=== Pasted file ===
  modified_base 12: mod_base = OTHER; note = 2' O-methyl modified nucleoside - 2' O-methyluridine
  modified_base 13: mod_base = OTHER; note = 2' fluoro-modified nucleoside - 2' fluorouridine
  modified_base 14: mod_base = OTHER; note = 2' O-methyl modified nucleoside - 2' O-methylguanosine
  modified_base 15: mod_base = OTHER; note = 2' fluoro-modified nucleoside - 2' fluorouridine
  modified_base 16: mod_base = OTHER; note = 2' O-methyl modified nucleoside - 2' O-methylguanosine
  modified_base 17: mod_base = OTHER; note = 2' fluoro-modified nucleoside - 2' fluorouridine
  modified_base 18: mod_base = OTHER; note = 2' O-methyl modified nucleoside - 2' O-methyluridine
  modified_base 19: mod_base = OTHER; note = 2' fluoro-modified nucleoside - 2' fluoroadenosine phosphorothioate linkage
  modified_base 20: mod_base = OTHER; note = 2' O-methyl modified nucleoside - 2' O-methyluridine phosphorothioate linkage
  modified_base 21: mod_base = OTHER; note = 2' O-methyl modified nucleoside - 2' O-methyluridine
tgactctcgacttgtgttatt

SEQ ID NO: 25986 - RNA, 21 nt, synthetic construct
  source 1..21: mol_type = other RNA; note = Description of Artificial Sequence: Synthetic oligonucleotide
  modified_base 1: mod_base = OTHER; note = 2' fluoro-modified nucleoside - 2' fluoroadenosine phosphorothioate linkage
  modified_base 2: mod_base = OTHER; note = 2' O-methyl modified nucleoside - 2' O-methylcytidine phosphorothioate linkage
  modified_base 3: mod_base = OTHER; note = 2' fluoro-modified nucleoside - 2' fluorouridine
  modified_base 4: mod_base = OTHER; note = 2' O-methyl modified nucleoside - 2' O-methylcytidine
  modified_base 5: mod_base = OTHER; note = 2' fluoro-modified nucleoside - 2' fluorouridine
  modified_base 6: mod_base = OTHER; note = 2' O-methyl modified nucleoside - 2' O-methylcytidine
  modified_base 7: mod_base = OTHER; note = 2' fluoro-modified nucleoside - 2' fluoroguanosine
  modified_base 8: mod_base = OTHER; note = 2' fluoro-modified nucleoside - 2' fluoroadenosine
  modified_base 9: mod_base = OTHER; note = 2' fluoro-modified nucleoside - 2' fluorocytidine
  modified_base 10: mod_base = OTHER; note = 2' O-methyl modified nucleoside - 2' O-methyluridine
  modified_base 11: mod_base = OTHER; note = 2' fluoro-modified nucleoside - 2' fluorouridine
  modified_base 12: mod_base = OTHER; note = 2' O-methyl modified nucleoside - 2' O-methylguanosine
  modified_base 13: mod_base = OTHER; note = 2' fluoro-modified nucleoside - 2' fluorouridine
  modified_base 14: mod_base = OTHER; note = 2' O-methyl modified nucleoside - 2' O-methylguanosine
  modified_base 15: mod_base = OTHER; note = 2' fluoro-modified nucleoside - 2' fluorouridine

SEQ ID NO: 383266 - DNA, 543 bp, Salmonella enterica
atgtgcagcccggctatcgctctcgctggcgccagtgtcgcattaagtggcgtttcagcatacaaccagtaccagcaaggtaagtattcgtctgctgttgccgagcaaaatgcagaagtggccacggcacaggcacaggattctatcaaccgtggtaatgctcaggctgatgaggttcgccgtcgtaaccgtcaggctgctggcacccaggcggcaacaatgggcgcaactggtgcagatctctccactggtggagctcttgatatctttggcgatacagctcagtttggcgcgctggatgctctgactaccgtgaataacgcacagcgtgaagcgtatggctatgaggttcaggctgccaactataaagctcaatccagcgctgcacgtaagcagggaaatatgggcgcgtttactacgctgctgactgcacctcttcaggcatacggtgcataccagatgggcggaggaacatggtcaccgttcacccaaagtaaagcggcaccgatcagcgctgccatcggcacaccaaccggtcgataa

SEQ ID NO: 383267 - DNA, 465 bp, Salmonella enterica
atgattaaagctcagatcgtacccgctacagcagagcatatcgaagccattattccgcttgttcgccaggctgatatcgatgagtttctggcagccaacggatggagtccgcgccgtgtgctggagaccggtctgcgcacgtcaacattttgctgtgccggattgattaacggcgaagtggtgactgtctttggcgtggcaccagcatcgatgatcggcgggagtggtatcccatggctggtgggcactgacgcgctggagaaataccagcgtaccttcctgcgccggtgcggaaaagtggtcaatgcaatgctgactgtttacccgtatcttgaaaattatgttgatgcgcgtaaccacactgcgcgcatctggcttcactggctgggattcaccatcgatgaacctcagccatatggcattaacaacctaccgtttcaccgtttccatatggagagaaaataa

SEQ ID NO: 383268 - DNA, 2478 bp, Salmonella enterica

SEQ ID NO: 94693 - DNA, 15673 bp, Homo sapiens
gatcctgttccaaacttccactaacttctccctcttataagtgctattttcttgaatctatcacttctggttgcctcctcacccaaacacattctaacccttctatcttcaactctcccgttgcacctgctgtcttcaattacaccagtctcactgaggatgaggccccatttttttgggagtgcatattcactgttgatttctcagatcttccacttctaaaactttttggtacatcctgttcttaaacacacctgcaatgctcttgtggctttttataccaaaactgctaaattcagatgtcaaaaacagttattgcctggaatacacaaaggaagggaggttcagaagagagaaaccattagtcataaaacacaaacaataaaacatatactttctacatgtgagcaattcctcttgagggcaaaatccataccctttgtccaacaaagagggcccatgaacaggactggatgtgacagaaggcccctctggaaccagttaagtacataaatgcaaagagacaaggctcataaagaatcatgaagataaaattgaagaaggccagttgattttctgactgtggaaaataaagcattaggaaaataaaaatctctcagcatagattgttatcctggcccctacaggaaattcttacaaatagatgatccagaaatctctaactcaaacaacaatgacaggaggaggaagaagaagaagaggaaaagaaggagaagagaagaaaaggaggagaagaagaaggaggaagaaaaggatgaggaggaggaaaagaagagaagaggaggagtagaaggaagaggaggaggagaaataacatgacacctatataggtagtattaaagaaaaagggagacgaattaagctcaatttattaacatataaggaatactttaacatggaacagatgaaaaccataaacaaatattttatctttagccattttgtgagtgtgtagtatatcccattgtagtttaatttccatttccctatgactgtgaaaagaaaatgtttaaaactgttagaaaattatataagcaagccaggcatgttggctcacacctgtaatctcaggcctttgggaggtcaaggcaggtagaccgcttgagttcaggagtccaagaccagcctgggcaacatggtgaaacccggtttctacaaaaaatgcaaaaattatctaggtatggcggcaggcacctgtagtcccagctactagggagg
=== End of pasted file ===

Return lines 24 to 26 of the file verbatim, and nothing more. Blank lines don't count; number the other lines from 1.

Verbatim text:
  modified_base 11: mod_base = OTHER; note = 2' fluoro-modified nucleoside - 2' fluorouridine
  modified_base 12: mod_base = OTHER; note = 2' O-methyl modified nucleoside - 2' O-methylguanosine
  modified_base 13: mod_base = OTHER; note = 2' fluoro-modified nucleoside - 2' fluorouridine